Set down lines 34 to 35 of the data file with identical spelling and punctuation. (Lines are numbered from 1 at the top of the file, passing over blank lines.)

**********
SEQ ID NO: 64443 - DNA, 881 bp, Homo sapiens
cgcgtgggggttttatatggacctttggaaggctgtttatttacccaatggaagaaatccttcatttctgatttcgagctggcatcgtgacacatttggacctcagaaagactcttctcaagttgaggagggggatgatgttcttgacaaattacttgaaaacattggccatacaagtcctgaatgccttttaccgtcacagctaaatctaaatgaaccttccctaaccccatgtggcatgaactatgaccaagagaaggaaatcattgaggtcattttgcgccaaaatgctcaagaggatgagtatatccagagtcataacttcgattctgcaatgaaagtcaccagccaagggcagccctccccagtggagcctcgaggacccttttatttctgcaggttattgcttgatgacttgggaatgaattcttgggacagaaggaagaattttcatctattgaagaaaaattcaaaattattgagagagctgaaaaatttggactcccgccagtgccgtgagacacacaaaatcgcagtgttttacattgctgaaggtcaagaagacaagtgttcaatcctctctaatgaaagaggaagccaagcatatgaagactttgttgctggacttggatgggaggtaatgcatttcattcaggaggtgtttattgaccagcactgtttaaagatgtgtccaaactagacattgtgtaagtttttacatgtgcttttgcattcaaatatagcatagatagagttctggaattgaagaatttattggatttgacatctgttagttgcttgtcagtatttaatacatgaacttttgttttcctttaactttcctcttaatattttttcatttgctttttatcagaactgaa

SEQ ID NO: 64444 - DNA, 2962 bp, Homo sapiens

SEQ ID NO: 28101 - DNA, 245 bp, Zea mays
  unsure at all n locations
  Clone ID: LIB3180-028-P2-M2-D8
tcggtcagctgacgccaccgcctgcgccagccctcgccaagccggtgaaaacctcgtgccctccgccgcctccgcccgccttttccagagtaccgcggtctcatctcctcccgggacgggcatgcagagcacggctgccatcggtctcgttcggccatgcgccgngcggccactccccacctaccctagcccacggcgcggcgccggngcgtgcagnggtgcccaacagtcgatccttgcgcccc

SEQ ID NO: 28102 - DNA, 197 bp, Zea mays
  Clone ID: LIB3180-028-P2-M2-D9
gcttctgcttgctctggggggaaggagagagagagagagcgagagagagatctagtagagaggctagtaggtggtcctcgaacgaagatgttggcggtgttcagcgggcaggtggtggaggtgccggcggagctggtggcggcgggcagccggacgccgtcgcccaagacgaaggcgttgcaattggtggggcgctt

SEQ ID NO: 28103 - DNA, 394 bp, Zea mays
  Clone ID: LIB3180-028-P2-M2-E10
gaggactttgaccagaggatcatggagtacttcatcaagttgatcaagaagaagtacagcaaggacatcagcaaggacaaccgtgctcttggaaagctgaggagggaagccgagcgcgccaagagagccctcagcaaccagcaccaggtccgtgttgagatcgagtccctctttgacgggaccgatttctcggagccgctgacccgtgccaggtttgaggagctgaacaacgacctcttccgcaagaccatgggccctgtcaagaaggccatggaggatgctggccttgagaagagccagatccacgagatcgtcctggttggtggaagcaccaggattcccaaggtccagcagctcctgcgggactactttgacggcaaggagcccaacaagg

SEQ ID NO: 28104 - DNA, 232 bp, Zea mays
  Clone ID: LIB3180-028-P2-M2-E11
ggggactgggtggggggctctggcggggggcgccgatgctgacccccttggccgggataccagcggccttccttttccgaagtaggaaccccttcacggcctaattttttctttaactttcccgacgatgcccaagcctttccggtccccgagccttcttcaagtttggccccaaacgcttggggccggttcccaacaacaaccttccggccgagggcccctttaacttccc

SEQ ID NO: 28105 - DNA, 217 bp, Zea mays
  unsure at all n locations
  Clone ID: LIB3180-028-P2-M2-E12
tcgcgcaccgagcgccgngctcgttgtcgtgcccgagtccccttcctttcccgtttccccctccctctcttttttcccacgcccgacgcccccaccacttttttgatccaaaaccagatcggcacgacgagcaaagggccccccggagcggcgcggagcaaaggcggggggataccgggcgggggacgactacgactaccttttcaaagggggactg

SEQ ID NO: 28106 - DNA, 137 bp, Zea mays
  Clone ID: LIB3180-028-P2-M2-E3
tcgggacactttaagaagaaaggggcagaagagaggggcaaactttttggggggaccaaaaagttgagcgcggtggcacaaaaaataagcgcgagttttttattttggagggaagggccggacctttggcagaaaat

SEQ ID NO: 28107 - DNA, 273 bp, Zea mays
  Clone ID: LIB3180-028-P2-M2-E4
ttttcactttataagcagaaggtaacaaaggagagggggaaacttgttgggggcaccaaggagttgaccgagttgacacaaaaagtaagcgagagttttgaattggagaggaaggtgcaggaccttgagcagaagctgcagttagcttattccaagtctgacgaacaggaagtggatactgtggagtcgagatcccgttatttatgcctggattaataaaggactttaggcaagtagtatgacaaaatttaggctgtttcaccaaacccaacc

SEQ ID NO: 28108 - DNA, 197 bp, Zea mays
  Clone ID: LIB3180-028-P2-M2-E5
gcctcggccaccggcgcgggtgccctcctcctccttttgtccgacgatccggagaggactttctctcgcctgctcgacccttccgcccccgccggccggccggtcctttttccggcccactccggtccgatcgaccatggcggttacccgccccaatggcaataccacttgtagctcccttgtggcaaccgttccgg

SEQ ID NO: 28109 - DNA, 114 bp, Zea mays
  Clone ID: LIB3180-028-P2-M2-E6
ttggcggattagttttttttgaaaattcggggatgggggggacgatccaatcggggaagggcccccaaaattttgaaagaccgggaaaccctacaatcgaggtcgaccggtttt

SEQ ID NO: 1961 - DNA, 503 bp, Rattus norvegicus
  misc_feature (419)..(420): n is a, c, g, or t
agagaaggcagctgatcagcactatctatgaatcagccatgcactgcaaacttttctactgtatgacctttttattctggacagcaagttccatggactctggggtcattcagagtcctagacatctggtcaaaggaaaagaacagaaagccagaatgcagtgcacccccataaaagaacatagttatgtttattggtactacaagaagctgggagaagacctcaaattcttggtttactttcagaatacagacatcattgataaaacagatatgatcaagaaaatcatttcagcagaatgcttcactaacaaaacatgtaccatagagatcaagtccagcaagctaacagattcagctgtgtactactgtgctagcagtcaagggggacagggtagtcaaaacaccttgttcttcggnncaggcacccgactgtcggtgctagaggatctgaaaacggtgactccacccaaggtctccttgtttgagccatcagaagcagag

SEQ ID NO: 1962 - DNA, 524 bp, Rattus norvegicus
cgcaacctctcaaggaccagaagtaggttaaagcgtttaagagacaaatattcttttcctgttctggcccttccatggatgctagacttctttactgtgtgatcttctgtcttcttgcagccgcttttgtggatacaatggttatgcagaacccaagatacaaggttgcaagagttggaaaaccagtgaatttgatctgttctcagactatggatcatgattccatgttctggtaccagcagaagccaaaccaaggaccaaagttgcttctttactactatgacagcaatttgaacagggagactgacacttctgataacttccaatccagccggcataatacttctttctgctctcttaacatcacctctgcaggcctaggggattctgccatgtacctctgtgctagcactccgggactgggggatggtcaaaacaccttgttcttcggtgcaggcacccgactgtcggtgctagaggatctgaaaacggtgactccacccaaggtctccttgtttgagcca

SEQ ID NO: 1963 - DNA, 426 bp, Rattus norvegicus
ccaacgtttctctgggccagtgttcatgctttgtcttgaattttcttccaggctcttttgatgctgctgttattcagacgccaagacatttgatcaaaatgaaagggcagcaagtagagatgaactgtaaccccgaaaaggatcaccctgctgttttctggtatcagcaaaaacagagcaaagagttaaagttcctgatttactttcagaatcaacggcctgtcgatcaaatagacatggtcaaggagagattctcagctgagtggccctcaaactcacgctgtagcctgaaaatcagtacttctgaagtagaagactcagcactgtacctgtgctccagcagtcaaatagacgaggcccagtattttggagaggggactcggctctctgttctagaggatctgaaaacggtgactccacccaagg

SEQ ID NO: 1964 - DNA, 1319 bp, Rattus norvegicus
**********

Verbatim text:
  misc_feature (419)..(420): n is a, c, g, or t
agagaaggcagctgatcagcactatctatgaatcagccatgcactgcaaacttttctactgtatgacctttttattctggacagcaagttccatggactctggggtcattcagagtcctagacatctggtcaaaggaaaagaacagaaagccagaatgcagtgcacccccataaaagaacatagttatgtttattggtactacaagaagctgggagaagacctcaaattcttggtttactttcagaatacagacatcattgataaaacagatatgatcaagaaaatcatttcagcagaatgcttcactaacaaaacatgtaccatagagatcaagtccagcaagctaacagattcagctgtgtactactgtgctagcagtcaagggggacagggtagtcaaaacaccttgttcttcggnncaggcacccgactgtcggtgctagaggatctgaaaacggtgactccacccaaggtctccttgtttgagccatcagaagcagag